BUZZY

Google wants to have drones buzzing around offices, projecting our faces at meetings

Almost every videoconferencing system on the market seems to be difficult to set up, unreliable, or just a hassle to use. But a device described in a new Google patent might be able to do away with choppy video and awkward camera angles, and make it really feel like the faces of your coworkers are in the office with you. If you can put up with the buzzing.

Google’s new patent, awarded today, outlines a type of small drone that’s been fitted with a screen, that could project a virtual version of someone as it hovers around the office. According to the patent, the drone could either be powered by a cellphone sitting in the drone to connect to the internet, or paired remotely with another device.

Google projection drone
The drone has a drop-down screen to protect images onto. (US Patent and Trademark Office)

The drone appears to be a standard quadcopter-shaped drone, which would allow it to hover around as needed, and presumably be at the beck and call of its operator.

Google projection drone
This version appears to be powered by a smartphone. (US Patent and Trademark Office)

Another version of the drone appears to use a projection camera attached right to the body of the drone to display an image below it, rather like an inverted version of the holograms in Star Wars.

Google projection drone
This version appears to just emit projections from above. (US Patent and Trademark Office)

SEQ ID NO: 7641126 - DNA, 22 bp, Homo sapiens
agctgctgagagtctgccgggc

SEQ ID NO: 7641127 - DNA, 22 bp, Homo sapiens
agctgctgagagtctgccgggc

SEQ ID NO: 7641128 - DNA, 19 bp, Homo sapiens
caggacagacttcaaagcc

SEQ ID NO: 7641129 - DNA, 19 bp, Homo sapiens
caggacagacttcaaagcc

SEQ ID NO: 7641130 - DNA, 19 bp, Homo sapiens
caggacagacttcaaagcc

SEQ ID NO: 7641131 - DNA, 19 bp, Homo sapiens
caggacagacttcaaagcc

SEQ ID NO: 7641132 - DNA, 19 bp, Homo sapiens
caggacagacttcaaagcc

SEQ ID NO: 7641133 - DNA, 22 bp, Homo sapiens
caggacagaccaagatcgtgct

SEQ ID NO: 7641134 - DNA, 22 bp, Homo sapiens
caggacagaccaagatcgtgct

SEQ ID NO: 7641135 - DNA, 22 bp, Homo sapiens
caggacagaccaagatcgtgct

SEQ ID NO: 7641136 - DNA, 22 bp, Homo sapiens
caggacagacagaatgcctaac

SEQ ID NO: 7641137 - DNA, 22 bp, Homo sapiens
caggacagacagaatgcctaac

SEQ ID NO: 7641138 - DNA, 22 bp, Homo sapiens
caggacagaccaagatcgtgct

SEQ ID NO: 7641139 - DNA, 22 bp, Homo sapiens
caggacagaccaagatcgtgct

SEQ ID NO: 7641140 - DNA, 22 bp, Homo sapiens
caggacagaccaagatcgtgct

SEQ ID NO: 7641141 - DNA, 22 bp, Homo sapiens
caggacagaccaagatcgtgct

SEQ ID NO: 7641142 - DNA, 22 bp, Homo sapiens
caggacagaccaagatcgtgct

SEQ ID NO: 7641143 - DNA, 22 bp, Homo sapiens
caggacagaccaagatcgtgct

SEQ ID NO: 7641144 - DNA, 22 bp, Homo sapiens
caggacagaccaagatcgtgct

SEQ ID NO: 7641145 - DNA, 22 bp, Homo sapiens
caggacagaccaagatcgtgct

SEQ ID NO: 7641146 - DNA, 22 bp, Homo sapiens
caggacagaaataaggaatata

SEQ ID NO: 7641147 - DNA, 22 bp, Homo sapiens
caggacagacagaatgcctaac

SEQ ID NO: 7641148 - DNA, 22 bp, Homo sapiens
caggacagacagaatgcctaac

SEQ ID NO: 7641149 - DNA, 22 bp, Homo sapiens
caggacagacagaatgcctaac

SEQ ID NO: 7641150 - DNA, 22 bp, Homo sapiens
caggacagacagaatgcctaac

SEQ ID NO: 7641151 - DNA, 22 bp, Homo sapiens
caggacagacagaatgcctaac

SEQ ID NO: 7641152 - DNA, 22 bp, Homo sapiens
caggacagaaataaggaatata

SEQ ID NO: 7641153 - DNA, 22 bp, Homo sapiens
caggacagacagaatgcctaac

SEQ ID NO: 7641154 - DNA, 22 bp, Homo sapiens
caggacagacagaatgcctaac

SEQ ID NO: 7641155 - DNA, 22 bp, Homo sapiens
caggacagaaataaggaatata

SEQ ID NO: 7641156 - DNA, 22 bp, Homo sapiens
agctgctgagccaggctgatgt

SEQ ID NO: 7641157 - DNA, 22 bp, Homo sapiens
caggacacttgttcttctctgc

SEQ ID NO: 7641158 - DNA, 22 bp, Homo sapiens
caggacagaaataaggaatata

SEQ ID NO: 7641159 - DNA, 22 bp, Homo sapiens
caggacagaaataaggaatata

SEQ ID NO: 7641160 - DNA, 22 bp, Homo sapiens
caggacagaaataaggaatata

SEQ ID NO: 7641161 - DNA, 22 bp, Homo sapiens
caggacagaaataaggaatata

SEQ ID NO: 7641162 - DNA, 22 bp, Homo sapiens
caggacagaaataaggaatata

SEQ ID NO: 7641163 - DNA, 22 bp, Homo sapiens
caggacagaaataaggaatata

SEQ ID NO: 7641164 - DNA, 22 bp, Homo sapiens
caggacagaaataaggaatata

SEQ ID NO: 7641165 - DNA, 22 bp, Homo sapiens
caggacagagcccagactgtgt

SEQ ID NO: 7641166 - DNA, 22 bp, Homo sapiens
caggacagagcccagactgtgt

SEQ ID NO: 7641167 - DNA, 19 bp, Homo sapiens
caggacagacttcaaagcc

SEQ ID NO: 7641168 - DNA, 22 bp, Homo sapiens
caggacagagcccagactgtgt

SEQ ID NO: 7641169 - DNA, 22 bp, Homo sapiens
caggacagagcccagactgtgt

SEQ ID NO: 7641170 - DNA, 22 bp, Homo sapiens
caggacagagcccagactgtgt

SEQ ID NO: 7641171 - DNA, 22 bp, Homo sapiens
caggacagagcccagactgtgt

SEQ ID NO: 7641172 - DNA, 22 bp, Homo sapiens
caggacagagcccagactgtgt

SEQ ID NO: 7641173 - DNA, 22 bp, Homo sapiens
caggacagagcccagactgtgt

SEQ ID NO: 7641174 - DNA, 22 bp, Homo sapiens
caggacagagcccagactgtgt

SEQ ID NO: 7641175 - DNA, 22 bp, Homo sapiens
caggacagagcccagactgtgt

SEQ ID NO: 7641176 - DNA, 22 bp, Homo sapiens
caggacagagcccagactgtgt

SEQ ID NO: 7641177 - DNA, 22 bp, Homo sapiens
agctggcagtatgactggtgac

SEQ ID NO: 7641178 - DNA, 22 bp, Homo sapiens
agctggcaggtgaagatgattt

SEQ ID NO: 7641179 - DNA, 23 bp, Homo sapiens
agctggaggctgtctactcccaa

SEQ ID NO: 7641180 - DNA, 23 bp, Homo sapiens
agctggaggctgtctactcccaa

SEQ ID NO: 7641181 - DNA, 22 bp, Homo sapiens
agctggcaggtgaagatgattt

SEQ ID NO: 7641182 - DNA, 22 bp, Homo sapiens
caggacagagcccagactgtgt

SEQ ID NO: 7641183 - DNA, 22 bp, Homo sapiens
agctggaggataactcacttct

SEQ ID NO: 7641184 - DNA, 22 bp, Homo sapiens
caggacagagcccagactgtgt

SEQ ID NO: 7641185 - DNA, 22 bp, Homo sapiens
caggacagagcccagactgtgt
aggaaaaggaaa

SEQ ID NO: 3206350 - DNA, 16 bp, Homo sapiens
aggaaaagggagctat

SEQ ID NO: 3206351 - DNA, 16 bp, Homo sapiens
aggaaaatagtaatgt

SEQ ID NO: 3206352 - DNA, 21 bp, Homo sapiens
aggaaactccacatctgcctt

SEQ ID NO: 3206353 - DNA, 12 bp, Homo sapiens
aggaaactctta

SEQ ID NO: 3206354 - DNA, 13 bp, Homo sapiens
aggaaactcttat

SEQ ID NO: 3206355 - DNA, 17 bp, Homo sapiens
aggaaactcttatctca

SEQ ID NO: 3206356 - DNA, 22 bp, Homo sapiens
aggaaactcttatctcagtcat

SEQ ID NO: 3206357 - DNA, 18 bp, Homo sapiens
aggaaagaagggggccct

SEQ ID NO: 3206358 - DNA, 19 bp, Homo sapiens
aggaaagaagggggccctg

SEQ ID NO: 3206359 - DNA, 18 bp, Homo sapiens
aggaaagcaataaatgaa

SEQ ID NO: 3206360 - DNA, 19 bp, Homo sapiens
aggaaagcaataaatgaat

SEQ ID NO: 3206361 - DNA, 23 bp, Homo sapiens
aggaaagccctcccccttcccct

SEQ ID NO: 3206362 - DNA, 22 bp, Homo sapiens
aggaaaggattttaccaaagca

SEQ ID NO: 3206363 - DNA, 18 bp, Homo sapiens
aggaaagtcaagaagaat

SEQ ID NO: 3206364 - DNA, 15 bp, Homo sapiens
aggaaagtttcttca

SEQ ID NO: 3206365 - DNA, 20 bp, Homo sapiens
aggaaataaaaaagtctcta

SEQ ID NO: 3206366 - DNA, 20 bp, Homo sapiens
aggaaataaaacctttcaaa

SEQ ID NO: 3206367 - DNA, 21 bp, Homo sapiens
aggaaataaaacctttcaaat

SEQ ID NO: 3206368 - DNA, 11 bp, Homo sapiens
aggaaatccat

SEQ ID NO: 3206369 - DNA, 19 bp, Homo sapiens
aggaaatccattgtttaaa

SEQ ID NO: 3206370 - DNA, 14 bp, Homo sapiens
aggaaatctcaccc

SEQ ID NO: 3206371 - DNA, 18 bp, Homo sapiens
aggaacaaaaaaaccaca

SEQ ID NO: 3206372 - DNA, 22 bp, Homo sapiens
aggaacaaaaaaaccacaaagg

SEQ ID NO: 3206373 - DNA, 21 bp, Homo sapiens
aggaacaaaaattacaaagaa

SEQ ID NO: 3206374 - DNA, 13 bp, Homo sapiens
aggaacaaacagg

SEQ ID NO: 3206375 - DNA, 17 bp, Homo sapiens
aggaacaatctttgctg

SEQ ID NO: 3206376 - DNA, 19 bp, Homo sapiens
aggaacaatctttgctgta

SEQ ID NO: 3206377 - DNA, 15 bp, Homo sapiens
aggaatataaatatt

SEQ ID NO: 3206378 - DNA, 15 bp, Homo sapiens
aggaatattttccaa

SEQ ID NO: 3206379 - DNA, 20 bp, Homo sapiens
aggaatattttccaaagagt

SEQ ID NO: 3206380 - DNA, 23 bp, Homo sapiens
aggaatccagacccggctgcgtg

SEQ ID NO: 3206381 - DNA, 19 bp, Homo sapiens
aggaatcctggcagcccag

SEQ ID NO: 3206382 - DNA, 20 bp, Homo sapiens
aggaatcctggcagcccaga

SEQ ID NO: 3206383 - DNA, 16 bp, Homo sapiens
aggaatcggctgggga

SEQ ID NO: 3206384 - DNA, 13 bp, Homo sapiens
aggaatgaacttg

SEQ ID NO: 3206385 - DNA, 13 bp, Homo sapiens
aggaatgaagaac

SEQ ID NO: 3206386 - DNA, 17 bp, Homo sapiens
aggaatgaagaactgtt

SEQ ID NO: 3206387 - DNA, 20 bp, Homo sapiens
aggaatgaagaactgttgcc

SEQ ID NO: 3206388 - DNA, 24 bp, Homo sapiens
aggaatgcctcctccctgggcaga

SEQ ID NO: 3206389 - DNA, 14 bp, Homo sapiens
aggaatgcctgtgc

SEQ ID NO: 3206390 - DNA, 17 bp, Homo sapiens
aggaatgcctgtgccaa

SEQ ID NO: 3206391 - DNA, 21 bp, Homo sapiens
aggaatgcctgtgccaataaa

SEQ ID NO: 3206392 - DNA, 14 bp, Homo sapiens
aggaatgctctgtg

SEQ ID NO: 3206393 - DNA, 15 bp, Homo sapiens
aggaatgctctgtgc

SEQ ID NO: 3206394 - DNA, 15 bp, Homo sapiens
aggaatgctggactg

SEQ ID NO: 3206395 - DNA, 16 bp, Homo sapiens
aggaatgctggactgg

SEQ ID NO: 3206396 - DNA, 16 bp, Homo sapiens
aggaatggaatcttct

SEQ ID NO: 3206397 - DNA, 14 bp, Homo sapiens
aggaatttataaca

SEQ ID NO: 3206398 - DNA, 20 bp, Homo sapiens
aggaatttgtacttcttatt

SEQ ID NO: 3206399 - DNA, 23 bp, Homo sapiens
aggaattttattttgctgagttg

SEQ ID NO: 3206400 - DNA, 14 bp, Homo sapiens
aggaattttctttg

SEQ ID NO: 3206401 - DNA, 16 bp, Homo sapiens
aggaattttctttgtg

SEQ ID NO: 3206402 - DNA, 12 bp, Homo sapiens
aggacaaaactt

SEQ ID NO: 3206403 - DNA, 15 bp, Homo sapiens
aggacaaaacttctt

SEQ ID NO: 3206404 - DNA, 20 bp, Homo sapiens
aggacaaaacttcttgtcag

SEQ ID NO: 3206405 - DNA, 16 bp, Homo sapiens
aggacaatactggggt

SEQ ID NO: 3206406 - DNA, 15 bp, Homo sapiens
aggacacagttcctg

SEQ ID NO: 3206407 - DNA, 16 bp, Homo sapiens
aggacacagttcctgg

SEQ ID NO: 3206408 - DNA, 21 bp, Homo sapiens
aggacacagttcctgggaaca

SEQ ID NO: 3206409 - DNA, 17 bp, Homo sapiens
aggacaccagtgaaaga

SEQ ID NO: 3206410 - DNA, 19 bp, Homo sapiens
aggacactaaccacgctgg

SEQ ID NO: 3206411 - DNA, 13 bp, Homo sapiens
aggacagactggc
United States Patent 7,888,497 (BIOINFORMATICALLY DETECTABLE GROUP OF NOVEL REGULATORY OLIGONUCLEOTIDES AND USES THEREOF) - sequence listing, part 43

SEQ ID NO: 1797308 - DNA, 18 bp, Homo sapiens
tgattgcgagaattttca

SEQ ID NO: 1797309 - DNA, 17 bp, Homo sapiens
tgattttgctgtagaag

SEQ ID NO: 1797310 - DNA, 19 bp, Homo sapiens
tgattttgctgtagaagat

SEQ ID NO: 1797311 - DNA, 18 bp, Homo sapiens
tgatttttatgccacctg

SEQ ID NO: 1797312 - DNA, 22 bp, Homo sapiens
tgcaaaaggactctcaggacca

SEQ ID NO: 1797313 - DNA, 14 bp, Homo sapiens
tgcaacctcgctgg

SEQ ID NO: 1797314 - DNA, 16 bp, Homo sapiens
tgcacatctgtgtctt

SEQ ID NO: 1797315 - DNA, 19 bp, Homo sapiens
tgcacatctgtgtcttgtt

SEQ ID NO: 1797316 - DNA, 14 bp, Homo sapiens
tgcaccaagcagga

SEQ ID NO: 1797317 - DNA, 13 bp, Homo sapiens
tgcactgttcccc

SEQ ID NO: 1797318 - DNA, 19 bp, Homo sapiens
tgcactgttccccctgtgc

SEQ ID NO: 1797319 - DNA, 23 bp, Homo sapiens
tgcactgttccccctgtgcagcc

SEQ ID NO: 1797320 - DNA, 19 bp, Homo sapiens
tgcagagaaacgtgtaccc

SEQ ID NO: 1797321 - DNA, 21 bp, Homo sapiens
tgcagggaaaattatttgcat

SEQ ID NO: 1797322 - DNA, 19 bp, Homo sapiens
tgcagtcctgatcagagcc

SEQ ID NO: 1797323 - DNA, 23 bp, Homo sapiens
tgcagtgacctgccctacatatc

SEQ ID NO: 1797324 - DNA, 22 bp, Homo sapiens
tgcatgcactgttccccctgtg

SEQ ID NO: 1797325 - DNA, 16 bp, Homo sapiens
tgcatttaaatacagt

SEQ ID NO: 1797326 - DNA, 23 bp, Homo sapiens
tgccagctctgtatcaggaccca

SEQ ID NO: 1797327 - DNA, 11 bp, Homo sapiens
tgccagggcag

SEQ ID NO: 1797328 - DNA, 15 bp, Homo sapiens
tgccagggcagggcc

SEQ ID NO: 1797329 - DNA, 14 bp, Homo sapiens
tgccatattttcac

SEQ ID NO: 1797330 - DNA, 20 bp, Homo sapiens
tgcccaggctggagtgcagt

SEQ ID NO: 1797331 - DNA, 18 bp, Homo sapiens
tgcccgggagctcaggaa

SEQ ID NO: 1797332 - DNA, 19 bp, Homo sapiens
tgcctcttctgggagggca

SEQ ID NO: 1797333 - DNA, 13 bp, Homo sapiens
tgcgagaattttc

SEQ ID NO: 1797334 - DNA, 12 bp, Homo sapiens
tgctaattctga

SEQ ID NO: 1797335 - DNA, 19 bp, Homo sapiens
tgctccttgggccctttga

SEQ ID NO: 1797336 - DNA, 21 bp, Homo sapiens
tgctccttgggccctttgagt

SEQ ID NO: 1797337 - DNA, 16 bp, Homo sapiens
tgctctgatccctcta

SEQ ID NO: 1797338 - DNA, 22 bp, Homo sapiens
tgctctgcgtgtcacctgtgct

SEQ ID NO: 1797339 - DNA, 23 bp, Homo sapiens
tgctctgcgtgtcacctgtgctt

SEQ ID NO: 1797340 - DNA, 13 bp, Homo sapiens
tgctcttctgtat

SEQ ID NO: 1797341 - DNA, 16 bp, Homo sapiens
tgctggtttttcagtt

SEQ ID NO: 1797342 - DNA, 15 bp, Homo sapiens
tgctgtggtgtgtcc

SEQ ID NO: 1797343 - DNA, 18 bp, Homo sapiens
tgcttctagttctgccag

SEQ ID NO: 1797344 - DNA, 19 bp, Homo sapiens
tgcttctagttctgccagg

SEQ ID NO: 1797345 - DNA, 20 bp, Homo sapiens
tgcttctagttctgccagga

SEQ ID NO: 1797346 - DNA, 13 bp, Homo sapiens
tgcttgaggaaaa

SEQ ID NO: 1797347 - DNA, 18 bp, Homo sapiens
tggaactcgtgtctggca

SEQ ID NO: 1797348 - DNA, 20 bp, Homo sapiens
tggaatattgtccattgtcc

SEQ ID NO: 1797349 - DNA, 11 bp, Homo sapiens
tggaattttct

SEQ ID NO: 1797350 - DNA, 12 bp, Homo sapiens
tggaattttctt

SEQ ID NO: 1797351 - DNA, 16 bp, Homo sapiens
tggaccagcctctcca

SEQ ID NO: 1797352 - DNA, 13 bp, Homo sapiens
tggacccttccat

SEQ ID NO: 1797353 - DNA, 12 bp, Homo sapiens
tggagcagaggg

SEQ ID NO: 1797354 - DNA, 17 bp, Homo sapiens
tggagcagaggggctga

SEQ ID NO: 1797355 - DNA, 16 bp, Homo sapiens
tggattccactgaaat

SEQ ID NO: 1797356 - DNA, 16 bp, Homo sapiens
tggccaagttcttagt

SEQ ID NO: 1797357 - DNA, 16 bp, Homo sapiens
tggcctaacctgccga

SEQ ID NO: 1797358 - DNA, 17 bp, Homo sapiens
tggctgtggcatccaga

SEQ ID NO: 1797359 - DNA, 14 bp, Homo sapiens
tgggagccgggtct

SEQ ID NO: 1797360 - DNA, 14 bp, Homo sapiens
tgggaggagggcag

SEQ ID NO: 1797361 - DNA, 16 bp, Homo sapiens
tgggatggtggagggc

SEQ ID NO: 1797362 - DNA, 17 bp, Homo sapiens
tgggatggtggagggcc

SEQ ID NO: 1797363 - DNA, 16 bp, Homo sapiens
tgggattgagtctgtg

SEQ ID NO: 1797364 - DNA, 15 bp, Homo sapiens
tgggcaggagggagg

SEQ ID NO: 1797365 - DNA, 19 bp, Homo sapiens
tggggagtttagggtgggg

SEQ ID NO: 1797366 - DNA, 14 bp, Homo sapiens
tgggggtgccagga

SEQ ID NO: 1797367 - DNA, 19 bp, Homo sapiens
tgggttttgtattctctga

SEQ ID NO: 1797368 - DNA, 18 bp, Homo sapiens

There’s no guarantee that Google, or its parent company, Alphabet, is working on something like this—this is just a patent after all. But the company’s ambitions in drone delivery are well documented, and it wouldn’t be too much of a stretch to think that its X research lab might be working on companion drones like this. (Alphabet wasn’t immediately available to comment on its plans for the patent.)

There are already drones on the market, such as DJI’s Phantom 4, that are pretty good at avoiding humans and hovering around like this, and there are even videoconferencing bots, like the one that was used to reserve a place in line for the latest iPhone last year. But the bigger question is why someone would want this: Drones are loud, they have generally very short battery lives (shorter than your average meeting), and their propellors can very easily chop pieces off of you if you’re not careful.

In the patent Google contends its idea would be easier to move around than a laptop: “Implementation of a mobile telepresence system on a relatively compact and operationally efficient airborne platform such as a quadcopter may provide significant improvements in, for example, speed, maneuverability, energy consumption and the like, facilitating access to spaces which may be otherwise difficult to access by a larger and less maneuverable platform.”

But in reality, it might be simpler just to stick with the shoddy Skype connection.

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